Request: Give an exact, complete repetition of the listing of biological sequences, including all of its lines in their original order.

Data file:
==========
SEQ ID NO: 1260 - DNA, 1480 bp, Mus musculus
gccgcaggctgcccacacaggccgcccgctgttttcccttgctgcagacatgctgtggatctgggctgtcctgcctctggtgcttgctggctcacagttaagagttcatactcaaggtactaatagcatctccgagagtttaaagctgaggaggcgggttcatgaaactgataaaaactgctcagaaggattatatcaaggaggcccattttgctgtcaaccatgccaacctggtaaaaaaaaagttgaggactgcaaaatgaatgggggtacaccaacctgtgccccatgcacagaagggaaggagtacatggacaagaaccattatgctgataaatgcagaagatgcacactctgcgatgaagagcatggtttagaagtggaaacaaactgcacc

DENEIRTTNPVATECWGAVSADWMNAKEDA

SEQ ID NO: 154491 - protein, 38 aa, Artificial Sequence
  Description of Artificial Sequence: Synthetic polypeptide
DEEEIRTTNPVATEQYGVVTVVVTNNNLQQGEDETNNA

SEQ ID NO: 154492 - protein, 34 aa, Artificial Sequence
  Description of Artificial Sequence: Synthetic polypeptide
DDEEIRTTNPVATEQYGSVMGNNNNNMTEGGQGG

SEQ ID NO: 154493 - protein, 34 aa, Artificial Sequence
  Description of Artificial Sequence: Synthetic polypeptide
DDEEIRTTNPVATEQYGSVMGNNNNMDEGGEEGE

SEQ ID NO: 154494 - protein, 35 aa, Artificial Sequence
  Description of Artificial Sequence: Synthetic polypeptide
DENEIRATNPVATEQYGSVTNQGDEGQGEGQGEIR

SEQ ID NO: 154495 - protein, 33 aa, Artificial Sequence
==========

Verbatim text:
SEQ ID NO: 1260 - DNA, 1480 bp, Mus musculus
gccgcaggctgcccacacaggccgcccgctgttttcccttgctgcagacatgctgtggatctgggctgtcctgcctctggtgcttgctggctcacagttaagagttcatactcaaggtactaatagcatctccgagagtttaaagctgaggaggcgggttcatgaaactgataaaaactgctcagaaggattatatcaaggaggcccattttgctgtcaaccatgccaacctggtaaaaaaaaagttgaggactgcaaaatgaatgggggtacaccaacctgtgccccatgcacagaagggaaggagtacatggacaagaaccattatgctgataaatgcagaagatgcacactctgcgatgaagagcatggtttagaagtggaaacaaactgcacc

DENEIRTTNPVATECWGAVSADWMNAKEDA

SEQ ID NO: 154491 - protein, 38 aa, Artificial Sequence
  Description of Artificial Sequence: Synthetic polypeptide
DEEEIRTTNPVATEQYGVVTVVVTNNNLQQGEDETNNA

SEQ ID NO: 154492 - protein, 34 aa, Artificial Sequence
  Description of Artificial Sequence: Synthetic polypeptide
DDEEIRTTNPVATEQYGSVMGNNNNNMTEGGQGG

SEQ ID NO: 154493 - protein, 34 aa, Artificial Sequence
  Description of Artificial Sequence: Synthetic polypeptide
DDEEIRTTNPVATEQYGSVMGNNNNMDEGGEEGE

SEQ ID NO: 154494 - protein, 35 aa, Artificial Sequence
  Description of Artificial Sequence: Synthetic polypeptide
DENEIRATNPVATEQYGSVTNQGDEGQGEGQGEIR

SEQ ID NO: 154495 - protein, 33 aa, Artificial Sequence